Supportive care for leukemia
Supportive care helps people meet the physical, practical, emotional and spiritual challenges of leukemia. It is an important part of cancer care. There are many programs and services available to help meet the needs and improve the quality of life of people living with cancer and their loved ones, especially after treatment has ended.
Recovering from leukemia and adjusting to life after treatment is different for each person. Recovery depends on the type of leukemia, the type of treatments and many other factors. The end of cancer treatment may bring mixed emotions. Even though treatment has ended, there may be other issues to deal with, such as coping with long-term side effects.
If you have been treated for leukemia, you may have concerns about the following.
How a person feels about or sees themselves is called self-esteem. Body image is a person’s perception of their own body. Leukemia and its treatments can affect a person’s self-esteem and body image. Often this is because cancer or cancer treatments may result in body changes, such as:
- hair loss
- skin problems
- changes in body weight
Some of these changes can be temporary. Others will last for a long time and some will become permanent.
Fatigue is a symptom of having a low red blood cell count (called anemia). Red blood cell counts can be low when the bone marrow is affected by leukemia or its treatments. Fatigue can also be a symptom of other problems that people with leukemia may have, including poor nutrition, sleep problems, anxiety or depression.
Once the cause of fatigue is known, your healthcare team can suggest ways to treat it. Treatments may include:
- nutritional supplements if you have poor nutrition
- iron pills or a blood transfusion for anemia
- antidepressants for depression
- sleep medicines to help improve sleep
Infection can develop if you have a low white blood cell count (called neutropenia). White blood cell counts can be low when leukemia or its treatments affect the bone marrow.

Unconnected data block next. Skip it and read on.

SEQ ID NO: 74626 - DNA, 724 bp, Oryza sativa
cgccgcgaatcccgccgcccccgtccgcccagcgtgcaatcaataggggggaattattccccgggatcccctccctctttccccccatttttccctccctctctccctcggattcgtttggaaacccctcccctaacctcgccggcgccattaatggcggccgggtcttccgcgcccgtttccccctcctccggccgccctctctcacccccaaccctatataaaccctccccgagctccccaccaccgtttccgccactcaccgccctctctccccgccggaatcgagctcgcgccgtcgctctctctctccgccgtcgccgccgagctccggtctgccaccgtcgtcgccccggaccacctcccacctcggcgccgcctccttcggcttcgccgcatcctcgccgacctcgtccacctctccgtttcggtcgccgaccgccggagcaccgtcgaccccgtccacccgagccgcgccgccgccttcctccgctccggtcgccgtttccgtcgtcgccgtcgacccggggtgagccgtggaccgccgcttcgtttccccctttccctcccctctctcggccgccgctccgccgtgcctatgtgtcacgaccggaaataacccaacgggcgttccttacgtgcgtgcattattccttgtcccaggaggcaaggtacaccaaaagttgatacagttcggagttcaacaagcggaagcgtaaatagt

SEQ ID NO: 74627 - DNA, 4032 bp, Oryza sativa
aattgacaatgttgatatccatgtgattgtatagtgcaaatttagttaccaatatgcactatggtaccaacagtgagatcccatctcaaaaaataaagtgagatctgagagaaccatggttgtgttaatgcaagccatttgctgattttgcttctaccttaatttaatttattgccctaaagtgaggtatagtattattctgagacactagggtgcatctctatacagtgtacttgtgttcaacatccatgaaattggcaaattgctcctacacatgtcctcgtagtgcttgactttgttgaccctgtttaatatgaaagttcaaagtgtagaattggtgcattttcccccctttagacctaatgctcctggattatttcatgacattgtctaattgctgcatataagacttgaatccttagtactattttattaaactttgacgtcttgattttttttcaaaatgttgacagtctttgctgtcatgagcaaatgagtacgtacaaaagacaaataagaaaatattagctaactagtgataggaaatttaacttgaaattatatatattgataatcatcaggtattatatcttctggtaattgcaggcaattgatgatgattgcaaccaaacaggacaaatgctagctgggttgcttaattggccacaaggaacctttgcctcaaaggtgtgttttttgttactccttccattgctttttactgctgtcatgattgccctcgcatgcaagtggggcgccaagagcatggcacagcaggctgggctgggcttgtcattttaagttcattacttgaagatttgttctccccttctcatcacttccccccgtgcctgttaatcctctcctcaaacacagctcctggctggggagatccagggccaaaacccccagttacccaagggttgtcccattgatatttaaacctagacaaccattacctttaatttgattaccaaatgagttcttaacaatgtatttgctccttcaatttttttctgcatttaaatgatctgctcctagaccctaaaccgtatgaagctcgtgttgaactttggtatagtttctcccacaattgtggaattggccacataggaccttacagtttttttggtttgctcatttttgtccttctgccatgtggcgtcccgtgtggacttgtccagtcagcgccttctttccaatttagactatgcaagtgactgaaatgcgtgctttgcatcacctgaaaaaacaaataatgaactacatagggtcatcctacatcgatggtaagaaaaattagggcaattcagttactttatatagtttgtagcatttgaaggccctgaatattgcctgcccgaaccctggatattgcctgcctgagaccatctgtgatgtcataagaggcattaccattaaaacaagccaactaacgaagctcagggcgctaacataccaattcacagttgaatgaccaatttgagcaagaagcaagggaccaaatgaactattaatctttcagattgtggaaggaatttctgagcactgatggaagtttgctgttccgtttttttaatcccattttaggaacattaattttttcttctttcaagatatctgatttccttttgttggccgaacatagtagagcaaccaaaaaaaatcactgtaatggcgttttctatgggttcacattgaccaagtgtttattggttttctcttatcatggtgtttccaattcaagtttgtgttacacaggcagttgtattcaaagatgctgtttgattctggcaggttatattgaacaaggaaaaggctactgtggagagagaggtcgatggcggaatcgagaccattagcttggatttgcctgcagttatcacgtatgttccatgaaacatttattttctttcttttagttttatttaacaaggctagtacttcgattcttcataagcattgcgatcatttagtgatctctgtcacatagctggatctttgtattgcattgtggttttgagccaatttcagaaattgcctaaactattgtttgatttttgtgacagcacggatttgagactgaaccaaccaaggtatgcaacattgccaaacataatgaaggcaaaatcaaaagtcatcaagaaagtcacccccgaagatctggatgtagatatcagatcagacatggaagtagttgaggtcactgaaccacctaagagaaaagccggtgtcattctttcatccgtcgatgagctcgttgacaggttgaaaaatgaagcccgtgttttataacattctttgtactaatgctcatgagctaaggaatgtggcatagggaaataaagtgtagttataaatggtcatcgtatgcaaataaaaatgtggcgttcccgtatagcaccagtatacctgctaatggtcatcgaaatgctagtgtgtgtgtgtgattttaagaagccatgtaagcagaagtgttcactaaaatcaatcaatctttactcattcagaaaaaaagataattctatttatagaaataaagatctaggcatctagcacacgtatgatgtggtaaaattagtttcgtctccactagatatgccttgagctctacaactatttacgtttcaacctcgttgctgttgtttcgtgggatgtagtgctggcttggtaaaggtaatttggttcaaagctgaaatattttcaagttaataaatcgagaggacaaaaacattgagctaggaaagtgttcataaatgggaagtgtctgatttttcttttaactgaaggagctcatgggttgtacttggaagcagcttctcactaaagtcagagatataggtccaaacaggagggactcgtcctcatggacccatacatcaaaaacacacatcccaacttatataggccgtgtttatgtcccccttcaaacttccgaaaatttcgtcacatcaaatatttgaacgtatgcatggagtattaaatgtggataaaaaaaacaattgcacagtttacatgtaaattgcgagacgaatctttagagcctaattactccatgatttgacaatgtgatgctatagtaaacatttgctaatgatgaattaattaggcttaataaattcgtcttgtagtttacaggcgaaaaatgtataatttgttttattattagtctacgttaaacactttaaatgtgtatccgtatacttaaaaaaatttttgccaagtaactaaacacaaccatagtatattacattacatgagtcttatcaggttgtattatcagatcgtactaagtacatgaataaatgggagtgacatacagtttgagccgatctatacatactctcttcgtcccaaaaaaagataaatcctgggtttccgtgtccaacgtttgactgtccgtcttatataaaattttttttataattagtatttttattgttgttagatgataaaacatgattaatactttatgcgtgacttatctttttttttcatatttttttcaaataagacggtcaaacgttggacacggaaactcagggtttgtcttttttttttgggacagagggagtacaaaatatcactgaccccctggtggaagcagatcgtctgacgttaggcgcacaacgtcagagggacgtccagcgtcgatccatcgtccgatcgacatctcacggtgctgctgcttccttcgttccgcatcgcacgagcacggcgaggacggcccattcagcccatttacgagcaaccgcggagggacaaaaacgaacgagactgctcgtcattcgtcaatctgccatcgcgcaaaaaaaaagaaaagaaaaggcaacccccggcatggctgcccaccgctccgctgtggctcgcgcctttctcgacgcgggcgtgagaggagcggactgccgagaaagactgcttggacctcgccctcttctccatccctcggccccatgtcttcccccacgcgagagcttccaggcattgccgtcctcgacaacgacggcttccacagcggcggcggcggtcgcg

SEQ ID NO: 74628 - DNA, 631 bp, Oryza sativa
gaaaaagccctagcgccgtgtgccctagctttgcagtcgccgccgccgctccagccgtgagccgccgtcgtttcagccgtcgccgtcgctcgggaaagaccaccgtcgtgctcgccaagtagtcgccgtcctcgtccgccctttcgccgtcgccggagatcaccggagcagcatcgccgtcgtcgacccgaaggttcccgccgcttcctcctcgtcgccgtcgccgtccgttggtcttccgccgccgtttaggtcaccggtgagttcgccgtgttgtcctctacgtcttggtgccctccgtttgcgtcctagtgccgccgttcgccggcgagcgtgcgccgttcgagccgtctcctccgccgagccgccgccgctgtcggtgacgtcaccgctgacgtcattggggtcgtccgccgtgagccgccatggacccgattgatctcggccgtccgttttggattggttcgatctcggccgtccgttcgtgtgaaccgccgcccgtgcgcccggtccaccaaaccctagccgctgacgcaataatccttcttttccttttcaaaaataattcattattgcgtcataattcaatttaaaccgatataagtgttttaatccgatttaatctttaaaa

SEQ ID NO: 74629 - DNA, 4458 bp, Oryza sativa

Preventing infection is important for people with leukemia. Having good hygiene, protecting your skin and maintaining good general health are some ways to help prevent infection. Your healthcare team may give you medicines to prevent infection if you have a low white blood cell count.
You may be given medicines to treat infections, such as antibiotics, antivirals and antifungals.
Abnormal bleeding can occur when you have a low platelet count (called thrombocytopenia). The platelet count can be low when leukemia or its treatments affect the bone marrow.
Call your healthcare team if you have bleeding problems that get worse or can’t be controlled.
You may be given platelet transfusions if your platelet count is low and you are bleeding or have a lot of bruising.
Find out more about low platelet count.
Emotions may be overwhelming during treatment and once treatment ends. Many people with leukemia feel anxiety and depression.
During treatment, the focus is getting through treatment. Treatment takes a long time and it may be difficult to stay positive. Finances, work and relationships may be a concern.
When treatment is finished, you may have other thoughts and unexpected feelings, including:
- concern that the leukemia will come back
- thinking of the effects of the leukemia on your family, friends and career
- questioning your self-worth and identity
- worrying about changes in your appearance
- adapting to lifestyle changes
- feeling anxious because you have less contact with the healthcare team
People cope with leukemia in different ways, including:
- appropriate physical activities
- good nutrition
- balancing being active with rest
- communicating openly and honestly about your fears and concerns
Treatment for emotional distress may include counselling and medicines.
Questions to ask about supportive care
To make the decisions that are right for you, ask your healthcare team questions about supportive care.
Great progress has been made
Some cancers, such as thyroid and testicular, have survival rates of over 90%. Other cancers, such as pancreatic, brain and esophageal, continue to have very low survival rates.